How play unlocks the world for disabled children

Playing in childhood is a fundamental part of our development, imparting skills that enable us to live rich, fulfilling lives. From infancy to adulthood, people with complex disabilities gain profound benefits from both structured and independent play. Sense specialists Jade and Laura discuss all that play offers.

Jade: Hi, I’m Jade. I’m based in Wakefield as a specialist teacher at Sense – an MSI Consultant, which means I support young people with Multi-Sensory Impairments. We want to give everyone safe, engaging ways to understand the world around them, and play is an incredible way to do that.

Laura: Play is a massive part of my work with Sense, it’s literally in my title! I’m an Early Intervention and Play Leader, mostly supporting 0–8-year-olds in Birmingham through our Connect and Play sessions. Getting silly, messy and expressive is one of the first ways children start to learn about themselves and their relationship with everything around them.  

A small girl lies on a cushion, giggling as a wind flag is spun above her.
Play in the new s children’s room, at Sense TouchBase Pears.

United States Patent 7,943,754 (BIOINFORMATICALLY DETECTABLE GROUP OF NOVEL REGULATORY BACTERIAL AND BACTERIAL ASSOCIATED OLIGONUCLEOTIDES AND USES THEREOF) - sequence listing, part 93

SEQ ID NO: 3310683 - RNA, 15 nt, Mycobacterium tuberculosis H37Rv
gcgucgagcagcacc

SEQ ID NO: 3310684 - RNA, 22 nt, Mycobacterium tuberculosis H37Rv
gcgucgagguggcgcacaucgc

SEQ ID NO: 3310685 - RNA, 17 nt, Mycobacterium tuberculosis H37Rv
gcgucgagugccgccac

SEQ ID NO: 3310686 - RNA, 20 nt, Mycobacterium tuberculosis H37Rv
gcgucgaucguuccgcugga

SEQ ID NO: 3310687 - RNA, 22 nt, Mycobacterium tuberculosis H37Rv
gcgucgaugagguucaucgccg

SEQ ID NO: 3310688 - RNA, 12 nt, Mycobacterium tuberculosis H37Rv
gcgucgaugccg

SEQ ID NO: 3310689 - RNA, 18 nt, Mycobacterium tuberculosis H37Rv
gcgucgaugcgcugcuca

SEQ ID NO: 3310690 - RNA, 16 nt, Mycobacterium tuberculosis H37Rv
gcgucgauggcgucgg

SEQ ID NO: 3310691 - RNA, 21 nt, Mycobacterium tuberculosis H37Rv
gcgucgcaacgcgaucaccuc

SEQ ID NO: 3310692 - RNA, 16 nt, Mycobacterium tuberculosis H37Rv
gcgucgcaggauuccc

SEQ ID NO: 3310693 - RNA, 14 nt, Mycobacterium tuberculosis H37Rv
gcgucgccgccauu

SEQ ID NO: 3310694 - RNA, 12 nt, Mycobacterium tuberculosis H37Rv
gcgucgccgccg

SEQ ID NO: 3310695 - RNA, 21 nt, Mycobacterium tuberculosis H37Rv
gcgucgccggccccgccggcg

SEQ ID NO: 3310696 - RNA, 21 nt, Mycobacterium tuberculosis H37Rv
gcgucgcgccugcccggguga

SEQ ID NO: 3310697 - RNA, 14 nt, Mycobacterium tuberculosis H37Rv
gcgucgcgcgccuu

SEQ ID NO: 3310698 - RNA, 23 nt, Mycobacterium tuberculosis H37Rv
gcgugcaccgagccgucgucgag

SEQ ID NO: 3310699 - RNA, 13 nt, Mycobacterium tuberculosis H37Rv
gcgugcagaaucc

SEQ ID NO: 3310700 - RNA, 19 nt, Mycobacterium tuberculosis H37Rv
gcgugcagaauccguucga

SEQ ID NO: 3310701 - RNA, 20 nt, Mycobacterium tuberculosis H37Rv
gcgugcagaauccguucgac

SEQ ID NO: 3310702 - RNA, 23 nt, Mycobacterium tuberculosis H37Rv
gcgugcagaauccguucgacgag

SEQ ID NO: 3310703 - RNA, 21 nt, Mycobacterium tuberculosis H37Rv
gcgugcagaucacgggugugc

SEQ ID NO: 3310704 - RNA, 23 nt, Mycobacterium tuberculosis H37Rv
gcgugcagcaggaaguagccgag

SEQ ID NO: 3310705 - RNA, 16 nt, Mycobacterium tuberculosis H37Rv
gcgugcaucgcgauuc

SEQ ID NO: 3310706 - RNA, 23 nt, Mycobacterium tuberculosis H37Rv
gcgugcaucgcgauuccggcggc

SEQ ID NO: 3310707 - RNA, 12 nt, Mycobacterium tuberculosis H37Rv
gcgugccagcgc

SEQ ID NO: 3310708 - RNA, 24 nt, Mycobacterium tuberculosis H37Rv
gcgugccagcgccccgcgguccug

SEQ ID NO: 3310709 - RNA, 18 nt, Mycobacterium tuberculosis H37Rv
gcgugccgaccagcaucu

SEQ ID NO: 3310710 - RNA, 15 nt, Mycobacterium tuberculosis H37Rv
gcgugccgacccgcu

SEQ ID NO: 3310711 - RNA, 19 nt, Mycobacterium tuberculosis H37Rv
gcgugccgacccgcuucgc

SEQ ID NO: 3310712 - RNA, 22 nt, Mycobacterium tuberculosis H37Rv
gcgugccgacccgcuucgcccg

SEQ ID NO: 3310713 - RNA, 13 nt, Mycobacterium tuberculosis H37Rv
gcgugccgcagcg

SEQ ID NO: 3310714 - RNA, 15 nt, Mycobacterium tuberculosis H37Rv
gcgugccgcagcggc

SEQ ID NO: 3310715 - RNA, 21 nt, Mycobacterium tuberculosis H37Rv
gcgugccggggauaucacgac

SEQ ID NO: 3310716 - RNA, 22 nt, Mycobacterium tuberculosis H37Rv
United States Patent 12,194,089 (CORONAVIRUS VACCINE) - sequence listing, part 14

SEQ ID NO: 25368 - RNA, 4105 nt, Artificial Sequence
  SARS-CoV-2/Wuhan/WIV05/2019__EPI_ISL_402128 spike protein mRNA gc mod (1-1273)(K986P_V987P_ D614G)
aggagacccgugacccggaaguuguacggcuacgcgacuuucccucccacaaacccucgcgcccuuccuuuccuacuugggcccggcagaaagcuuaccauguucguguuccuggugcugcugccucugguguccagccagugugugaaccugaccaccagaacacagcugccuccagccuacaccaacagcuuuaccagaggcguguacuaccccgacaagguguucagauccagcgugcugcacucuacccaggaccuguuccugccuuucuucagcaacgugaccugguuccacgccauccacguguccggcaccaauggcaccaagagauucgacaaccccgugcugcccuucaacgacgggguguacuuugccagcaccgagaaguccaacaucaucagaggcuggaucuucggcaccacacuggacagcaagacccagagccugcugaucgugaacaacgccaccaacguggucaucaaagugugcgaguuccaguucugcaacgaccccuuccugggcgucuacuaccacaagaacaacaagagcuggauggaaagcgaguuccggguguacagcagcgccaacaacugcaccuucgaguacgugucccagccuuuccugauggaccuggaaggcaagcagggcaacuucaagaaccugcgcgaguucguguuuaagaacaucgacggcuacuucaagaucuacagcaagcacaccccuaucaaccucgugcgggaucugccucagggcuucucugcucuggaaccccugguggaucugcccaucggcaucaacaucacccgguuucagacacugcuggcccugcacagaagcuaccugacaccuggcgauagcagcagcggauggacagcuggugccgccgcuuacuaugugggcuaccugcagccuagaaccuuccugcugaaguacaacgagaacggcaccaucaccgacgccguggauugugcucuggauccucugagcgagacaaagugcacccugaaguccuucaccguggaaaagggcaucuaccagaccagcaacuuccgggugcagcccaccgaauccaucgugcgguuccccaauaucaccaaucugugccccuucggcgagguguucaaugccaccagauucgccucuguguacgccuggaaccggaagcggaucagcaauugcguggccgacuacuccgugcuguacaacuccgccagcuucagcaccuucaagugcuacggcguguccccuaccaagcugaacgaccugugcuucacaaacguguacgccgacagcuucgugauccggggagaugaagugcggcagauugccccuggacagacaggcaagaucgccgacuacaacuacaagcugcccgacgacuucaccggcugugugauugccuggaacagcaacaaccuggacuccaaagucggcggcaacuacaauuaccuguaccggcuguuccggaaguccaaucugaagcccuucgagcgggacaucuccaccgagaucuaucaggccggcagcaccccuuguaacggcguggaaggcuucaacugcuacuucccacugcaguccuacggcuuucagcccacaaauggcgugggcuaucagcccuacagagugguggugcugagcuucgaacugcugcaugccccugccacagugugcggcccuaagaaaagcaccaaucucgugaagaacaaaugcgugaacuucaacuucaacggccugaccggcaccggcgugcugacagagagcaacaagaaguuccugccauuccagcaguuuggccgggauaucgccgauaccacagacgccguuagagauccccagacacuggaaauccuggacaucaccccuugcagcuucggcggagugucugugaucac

Jade: There’s absolutely no definition of what play is. Children with MSI or complex disabilities will have a thousand ways of stimulating themselves, playing and communicating – and actually, that means their behaviour can be misinterpreted. Families can miss out on engaging with their child’s play or encouraging their development because they don’t immediately recognise that their child is initiating play.

Laura: Yeah, we see this a lot. Because each child’s communication style is so unique, parents often need support to spot those opportunities for play. Something like 95% of the families Sense support seek our advice on this.

The concept of self and our surroundings

Jade: Children with MSI want to know what’s going on around them, just like all of us. But without sight and hearing, just understanding where they end and the world begins can be really hard to establish.